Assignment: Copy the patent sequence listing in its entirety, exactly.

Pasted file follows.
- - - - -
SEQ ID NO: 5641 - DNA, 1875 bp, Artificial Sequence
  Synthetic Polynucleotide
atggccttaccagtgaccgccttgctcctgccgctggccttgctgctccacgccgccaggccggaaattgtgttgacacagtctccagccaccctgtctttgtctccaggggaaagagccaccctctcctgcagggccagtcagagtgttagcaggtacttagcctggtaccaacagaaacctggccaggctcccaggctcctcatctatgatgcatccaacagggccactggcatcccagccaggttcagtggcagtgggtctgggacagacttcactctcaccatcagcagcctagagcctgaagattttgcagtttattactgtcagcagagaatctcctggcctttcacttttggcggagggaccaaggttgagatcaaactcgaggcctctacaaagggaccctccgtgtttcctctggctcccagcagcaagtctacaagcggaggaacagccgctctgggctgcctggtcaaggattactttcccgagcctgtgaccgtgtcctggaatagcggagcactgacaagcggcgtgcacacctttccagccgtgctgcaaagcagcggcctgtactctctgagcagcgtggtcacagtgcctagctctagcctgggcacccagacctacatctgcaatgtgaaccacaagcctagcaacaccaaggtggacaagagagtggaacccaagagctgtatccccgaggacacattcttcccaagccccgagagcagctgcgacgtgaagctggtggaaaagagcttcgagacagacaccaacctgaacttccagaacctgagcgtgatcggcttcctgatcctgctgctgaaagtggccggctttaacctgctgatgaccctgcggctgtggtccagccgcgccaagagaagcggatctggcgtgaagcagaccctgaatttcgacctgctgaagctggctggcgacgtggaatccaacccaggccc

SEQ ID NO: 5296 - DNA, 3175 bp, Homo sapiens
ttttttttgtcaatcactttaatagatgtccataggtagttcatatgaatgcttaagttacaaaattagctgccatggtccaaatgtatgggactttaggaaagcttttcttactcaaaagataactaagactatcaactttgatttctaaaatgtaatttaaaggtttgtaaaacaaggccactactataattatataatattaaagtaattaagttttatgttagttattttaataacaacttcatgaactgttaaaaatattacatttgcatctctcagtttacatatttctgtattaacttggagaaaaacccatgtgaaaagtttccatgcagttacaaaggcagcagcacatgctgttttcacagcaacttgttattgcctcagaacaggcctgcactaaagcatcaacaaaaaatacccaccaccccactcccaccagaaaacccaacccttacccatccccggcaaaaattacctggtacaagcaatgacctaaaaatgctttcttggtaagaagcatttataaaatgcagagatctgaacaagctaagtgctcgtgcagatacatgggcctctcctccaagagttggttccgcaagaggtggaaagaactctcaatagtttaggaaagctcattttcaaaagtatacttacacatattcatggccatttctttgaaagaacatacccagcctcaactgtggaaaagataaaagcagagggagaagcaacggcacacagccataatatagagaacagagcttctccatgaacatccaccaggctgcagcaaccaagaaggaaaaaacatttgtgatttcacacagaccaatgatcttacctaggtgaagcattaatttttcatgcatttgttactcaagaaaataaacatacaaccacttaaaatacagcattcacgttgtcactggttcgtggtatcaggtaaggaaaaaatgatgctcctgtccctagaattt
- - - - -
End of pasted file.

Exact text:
SEQ ID NO: 5641 - DNA, 1875 bp, Artificial Sequence
  Synthetic Polynucleotide
atggccttaccagtgaccgccttgctcctgccgctggccttgctgctccacgccgccaggccggaaattgtgttgacacagtctccagccaccctgtctttgtctccaggggaaagagccaccctctcctgcagggccagtcagagtgttagcaggtacttagcctggtaccaacagaaacctggccaggctcccaggctcctcatctatgatgcatccaacagggccactggcatcccagccaggttcagtggcagtgggtctgggacagacttcactctcaccatcagcagcctagagcctgaagattttgcagtttattactgtcagcagagaatctcctggcctttcacttttggcggagggaccaaggttgagatcaaactcgaggcctctacaaagggaccctccgtgtttcctctggctcccagcagcaagtctacaagcggaggaacagccgctctgggctgcctggtcaaggattactttcccgagcctgtgaccgtgtcctggaatagcggagcactgacaagcggcgtgcacacctttccagccgtgctgcaaagcagcggcctgtactctctgagcagcgtggtcacagtgcctagctctagcctgggcacccagacctacatctgcaatgtgaaccacaagcctagcaacaccaaggtggacaagagagtggaacccaagagctgtatccccgaggacacattcttcccaagccccgagagcagctgcgacgtgaagctggtggaaaagagcttcgagacagacaccaacctgaacttccagaacctgagcgtgatcggcttcctgatcctgctgctgaaagtggccggctttaacctgctgatgaccctgcggctgtggtccagccgcgccaagagaagcggatctggcgtgaagcagaccctgaatttcgacctgctgaagctggctggcgacgtggaatccaacccaggccc

SEQ ID NO: 5296 - DNA, 3175 bp, Homo sapiens
ttttttttgtcaatcactttaatagatgtccataggtagttcatatgaatgcttaagttacaaaattagctgccatggtccaaatgtatgggactttaggaaagcttttcttactcaaaagataactaagactatcaactttgatttctaaaatgtaatttaaaggtttgtaaaacaaggccactactataattatataatattaaagtaattaagttttatgttagttattttaataacaacttcatgaactgttaaaaatattacatttgcatctctcagtttacatatttctgtattaacttggagaaaaacccatgtgaaaagtttccatgcagttacaaaggcagcagcacatgctgttttcacagcaacttgttattgcctcagaacaggcctgcactaaagcatcaacaaaaaatacccaccaccccactcccaccagaaaacccaacccttacccatccccggcaaaaattacctggtacaagcaatgacctaaaaatgctttcttggtaagaagcatttataaaatgcagagatctgaacaagctaagtgctcgtgcagatacatgggcctctcctccaagagttggttccgcaagaggtggaaagaactctcaatagtttaggaaagctcattttcaaaagtatacttacacatattcatggccatttctttgaaagaacatacccagcctcaactgtggaaaagataaaagcagagggagaagcaacggcacacagccataatatagagaacagagcttctccatgaacatccaccaggctgcagcaaccaagaaggaaaaaacatttgtgatttcacacagaccaatgatcttacctaggtgaagcattaatttttcatgcatttgttactcaagaaaataaacatacaaccacttaaaatacagcattcacgttgtcactggttcgtggtatcaggtaaggaaaaaatgatgctcctgtccctagaattt